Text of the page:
The 1 Million Trees initiative is a great example of what’s possible when partners unite around a common goal, and we are proud to have been part of such a successful collaborative effort. The Greenway Trust hopes these community partnerships, like the trees, will grow bigger and stronger in the years ahead to make King County an even better place to live.

Jon Hoekstra, Executive Director, Mountains to Sound Greenway Trust

I am overjoyed for and proud of the people of King County for achieving this momentous goal of one million trees so far ahead of schedule. The kindness and determination of our community members will never fail to impress and inspire me. Attending tree planting and invasive species removal events is a great opportunity to work with and get to know other volunteers, King County event coordinators, and restoration crew members. All of these people are so important, and we could not have achieved what we have without them. It is truly wonderful to have been a part of this successful effort, and I am excited to continue this hard work in the months and years to come.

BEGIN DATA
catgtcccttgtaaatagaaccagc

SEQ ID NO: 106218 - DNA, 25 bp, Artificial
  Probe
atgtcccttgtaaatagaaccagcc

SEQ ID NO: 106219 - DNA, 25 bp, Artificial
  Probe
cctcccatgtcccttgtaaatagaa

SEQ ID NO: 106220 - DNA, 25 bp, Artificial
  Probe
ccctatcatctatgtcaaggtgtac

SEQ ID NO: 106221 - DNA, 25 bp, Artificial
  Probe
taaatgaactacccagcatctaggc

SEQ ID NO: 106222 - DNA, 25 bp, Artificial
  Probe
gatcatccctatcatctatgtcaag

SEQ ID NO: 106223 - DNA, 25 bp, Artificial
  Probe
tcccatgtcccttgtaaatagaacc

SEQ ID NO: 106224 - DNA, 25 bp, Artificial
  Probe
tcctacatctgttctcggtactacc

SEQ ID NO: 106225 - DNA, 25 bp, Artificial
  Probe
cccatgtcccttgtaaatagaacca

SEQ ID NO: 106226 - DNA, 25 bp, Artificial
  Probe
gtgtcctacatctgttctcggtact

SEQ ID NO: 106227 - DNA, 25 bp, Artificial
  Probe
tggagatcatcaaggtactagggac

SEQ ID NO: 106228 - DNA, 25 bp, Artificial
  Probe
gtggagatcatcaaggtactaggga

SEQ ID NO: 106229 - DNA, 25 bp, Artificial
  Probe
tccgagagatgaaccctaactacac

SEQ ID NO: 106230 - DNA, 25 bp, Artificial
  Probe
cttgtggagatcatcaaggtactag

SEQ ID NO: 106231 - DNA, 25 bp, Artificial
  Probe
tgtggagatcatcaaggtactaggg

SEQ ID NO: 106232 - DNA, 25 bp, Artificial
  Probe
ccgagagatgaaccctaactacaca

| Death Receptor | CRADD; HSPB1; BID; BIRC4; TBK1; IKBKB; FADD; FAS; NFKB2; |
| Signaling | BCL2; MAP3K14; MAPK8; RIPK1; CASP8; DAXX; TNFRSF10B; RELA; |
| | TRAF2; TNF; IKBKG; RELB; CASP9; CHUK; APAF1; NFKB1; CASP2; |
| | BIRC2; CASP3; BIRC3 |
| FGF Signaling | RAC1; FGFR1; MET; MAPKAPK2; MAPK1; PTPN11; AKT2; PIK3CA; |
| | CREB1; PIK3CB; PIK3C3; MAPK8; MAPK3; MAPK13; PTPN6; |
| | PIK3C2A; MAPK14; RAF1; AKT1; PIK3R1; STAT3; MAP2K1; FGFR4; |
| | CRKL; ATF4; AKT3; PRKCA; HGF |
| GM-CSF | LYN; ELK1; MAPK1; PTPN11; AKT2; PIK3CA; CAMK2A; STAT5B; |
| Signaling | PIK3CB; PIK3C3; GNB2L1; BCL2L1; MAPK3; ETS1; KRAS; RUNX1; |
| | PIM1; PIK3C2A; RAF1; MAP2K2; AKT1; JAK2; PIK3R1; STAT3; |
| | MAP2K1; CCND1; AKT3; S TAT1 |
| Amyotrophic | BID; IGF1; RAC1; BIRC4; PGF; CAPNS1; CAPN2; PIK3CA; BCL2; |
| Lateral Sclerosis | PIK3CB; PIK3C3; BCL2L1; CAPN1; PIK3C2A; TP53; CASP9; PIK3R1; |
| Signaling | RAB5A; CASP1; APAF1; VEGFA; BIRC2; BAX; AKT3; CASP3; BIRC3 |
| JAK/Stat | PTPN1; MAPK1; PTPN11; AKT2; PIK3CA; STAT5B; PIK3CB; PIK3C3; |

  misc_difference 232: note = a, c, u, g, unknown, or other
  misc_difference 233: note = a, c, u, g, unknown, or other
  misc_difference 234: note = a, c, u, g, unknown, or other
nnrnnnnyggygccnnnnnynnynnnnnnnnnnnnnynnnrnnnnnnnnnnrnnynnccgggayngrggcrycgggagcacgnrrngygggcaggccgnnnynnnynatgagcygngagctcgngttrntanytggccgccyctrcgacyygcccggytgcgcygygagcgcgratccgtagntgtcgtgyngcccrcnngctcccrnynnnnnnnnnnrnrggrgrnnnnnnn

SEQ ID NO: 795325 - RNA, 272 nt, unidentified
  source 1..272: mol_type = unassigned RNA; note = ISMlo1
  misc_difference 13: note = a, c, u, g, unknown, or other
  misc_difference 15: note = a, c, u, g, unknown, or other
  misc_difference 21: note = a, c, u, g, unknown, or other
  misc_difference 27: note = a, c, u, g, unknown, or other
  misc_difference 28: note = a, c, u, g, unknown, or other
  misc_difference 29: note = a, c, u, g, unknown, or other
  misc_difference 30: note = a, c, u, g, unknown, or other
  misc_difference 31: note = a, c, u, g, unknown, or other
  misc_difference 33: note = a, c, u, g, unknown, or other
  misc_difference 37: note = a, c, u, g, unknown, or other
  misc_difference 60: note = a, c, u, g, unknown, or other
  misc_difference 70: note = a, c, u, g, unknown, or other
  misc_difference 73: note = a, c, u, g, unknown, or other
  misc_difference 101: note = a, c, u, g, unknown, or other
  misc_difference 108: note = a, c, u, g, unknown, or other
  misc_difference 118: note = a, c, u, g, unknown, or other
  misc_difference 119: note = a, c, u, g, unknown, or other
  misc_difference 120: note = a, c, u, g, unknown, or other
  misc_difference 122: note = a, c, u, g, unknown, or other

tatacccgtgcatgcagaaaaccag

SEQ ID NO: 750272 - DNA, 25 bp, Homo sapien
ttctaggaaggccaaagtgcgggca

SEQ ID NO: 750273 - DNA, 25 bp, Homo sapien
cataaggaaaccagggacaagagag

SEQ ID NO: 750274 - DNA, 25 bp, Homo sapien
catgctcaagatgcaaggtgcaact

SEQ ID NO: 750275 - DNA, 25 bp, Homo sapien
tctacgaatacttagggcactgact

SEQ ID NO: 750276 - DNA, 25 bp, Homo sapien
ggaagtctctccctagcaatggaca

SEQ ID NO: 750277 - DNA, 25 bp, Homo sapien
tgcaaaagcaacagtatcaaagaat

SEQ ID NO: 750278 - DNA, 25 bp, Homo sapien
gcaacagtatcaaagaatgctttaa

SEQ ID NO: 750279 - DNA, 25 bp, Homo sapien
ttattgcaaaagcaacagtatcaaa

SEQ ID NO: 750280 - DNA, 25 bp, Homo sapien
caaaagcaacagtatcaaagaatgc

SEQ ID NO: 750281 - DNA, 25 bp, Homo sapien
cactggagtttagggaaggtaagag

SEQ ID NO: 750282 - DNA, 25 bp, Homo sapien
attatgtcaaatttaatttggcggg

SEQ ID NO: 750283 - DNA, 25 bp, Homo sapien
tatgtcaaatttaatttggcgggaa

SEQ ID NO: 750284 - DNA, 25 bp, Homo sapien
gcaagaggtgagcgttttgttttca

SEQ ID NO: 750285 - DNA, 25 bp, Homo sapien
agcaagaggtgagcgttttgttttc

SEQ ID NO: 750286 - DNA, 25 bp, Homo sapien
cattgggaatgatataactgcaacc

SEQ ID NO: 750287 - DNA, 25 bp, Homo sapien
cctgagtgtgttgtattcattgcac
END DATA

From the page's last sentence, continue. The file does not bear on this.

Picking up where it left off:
Annie Wan, Volunteer

We are proud to be a partner in King County’s effort to plant a million trees throughout the region. Our staff and volunteers have been planting trees on the banks of our salmon streams and rivers. Trees are important for improving habitat for salmon and people.

Jeanette Dorner, Executive Director, Mid Sound Fisheries Enhancement Group

For more information, contact:

Chad Lewis, Department of Natural Resources and Parks, 206-263-1250


King County Executive
Dow Constantine